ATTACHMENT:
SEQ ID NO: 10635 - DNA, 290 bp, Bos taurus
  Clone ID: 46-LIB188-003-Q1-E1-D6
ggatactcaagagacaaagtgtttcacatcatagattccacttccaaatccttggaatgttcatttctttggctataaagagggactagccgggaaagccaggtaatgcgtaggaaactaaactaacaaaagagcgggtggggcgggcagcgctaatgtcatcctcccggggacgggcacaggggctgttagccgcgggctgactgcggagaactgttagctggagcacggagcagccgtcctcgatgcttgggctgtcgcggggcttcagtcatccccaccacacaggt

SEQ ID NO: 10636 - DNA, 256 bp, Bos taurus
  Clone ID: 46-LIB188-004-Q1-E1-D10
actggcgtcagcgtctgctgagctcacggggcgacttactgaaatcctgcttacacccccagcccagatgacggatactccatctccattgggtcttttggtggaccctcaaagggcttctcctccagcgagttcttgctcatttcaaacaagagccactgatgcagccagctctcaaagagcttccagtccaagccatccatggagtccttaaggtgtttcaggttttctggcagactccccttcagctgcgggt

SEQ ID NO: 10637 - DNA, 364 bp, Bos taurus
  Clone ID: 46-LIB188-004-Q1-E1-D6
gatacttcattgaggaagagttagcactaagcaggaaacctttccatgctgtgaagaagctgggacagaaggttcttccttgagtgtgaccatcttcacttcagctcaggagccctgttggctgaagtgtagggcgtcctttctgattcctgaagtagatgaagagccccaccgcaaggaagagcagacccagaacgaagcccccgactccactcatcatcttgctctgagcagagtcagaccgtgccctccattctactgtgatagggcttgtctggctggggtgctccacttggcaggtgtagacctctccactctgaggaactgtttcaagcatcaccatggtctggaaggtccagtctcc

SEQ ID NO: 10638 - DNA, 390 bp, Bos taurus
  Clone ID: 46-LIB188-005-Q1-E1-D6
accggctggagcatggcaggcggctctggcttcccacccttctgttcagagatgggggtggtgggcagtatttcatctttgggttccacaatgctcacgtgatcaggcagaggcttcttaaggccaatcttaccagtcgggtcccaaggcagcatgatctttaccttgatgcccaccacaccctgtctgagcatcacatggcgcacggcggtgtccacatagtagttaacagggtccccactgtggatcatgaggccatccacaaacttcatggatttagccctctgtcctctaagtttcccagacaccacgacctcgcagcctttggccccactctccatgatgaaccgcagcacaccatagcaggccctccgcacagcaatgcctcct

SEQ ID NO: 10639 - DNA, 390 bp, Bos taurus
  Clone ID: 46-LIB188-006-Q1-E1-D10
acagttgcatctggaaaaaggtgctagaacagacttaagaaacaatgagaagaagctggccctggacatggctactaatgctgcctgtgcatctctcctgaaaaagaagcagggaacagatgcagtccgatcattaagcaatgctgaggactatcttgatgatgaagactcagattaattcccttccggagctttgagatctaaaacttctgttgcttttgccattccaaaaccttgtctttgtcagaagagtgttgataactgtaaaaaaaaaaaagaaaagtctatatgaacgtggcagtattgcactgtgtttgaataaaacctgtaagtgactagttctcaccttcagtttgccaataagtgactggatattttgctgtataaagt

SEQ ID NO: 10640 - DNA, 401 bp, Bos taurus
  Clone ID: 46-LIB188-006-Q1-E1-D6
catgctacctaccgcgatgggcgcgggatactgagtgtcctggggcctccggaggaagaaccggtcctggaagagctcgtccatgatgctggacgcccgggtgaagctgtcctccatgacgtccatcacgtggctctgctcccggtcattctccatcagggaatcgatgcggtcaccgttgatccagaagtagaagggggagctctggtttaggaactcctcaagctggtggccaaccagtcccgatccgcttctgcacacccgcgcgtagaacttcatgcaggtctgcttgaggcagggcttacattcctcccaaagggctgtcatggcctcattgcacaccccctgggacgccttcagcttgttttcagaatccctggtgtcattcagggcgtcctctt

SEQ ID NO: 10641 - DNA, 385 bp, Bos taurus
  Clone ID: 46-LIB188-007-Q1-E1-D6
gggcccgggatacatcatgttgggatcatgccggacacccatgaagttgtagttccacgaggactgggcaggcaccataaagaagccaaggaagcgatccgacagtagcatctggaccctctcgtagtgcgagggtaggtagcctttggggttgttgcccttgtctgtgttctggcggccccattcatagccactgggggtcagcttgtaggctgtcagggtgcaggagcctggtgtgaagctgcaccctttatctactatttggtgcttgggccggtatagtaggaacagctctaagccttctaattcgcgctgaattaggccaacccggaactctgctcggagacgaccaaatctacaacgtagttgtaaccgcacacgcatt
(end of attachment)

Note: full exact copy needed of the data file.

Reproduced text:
SEQ ID NO: 10635 - DNA, 290 bp, Bos taurus
  Clone ID: 46-LIB188-003-Q1-E1-D6
ggatactcaagagacaaagtgtttcacatcatagattccacttccaaatccttggaatgttcatttctttggctataaagagggactagccgggaaagccaggtaatgcgtaggaaactaaactaacaaaagagcgggtggggcgggcagcgctaatgtcatcctcccggggacgggcacaggggctgttagccgcgggctgactgcggagaactgttagctggagcacggagcagccgtcctcgatgcttgggctgtcgcggggcttcagtcatccccaccacacaggt

SEQ ID NO: 10636 - DNA, 256 bp, Bos taurus
  Clone ID: 46-LIB188-004-Q1-E1-D10
actggcgtcagcgtctgctgagctcacggggcgacttactgaaatcctgcttacacccccagcccagatgacggatactccatctccattgggtcttttggtggaccctcaaagggcttctcctccagcgagttcttgctcatttcaaacaagagccactgatgcagccagctctcaaagagcttccagtccaagccatccatggagtccttaaggtgtttcaggttttctggcagactccccttcagctgcgggt

SEQ ID NO: 10637 - DNA, 364 bp, Bos taurus
  Clone ID: 46-LIB188-004-Q1-E1-D6
gatacttcattgaggaagagttagcactaagcaggaaacctttccatgctgtgaagaagctgggacagaaggttcttccttgagtgtgaccatcttcacttcagctcaggagccctgttggctgaagtgtagggcgtcctttctgattcctgaagtagatgaagagccccaccgcaaggaagagcagacccagaacgaagcccccgactccactcatcatcttgctctgagcagagtcagaccgtgccctccattctactgtgatagggcttgtctggctggggtgctccacttggcaggtgtagacctctccactctgaggaactgtttcaagcatcaccatggtctggaaggtccagtctcc

SEQ ID NO: 10638 - DNA, 390 bp, Bos taurus
  Clone ID: 46-LIB188-005-Q1-E1-D6
accggctggagcatggcaggcggctctggcttcccacccttctgttcagagatgggggtggtgggcagtatttcatctttgggttccacaatgctcacgtgatcaggcagaggcttcttaaggccaatcttaccagtcgggtcccaaggcagcatgatctttaccttgatgcccaccacaccctgtctgagcatcacatggcgcacggcggtgtccacatagtagttaacagggtccccactgtggatcatgaggccatccacaaacttcatggatttagccctctgtcctctaagtttcccagacaccacgacctcgcagcctttggccccactctccatgatgaaccgcagcacaccatagcaggccctccgcacagcaatgcctcct

SEQ ID NO: 10639 - DNA, 390 bp, Bos taurus
  Clone ID: 46-LIB188-006-Q1-E1-D10
acagttgcatctggaaaaaggtgctagaacagacttaagaaacaatgagaagaagctggccctggacatggctactaatgctgcctgtgcatctctcctgaaaaagaagcagggaacagatgcagtccgatcattaagcaatgctgaggactatcttgatgatgaagactcagattaattcccttccggagctttgagatctaaaacttctgttgcttttgccattccaaaaccttgtctttgtcagaagagtgttgataactgtaaaaaaaaaaaagaaaagtctatatgaacgtggcagtattgcactgtgtttgaataaaacctgtaagtgactagttctcaccttcagtttgccaataagtgactggatattttgctgtataaagt

SEQ ID NO: 10640 - DNA, 401 bp, Bos taurus
  Clone ID: 46-LIB188-006-Q1-E1-D6
catgctacctaccgcgatgggcgcgggatactgagtgtcctggggcctccggaggaagaaccggtcctggaagagctcgtccatgatgctggacgcccgggtgaagctgtcctccatgacgtccatcacgtggctctgctcccggtcattctccatcagggaatcgatgcggtcaccgttgatccagaagtagaagggggagctctggtttaggaactcctcaagctggtggccaaccagtcccgatccgcttctgcacacccgcgcgtagaacttcatgcaggtctgcttgaggcagggcttacattcctcccaaagggctgtcatggcctcattgcacaccccctgggacgccttcagcttgttttcagaatccctggtgtcattcagggcgtcctctt

SEQ ID NO: 10641 - DNA, 385 bp, Bos taurus
  Clone ID: 46-LIB188-007-Q1-E1-D6
gggcccgggatacatcatgttgggatcatgccggacacccatgaagttgtagttccacgaggactgggcaggcaccataaagaagccaaggaagcgatccgacagtagcatctggaccctctcgtagtgcgagggtaggtagcctttggggttgttgcccttgtctgtgttctggcggccccattcatagccactgggggtcagcttgtaggctgtcagggtgcaggagcctggtgtgaagctgcaccctttatctactatttggtgcttgggccggtatagtaggaacagctctaagccttctaattcgcgctgaattaggccaacccggaactctgctcggagacgaccaaatctacaacgtagttgtaaccgcacacgcatt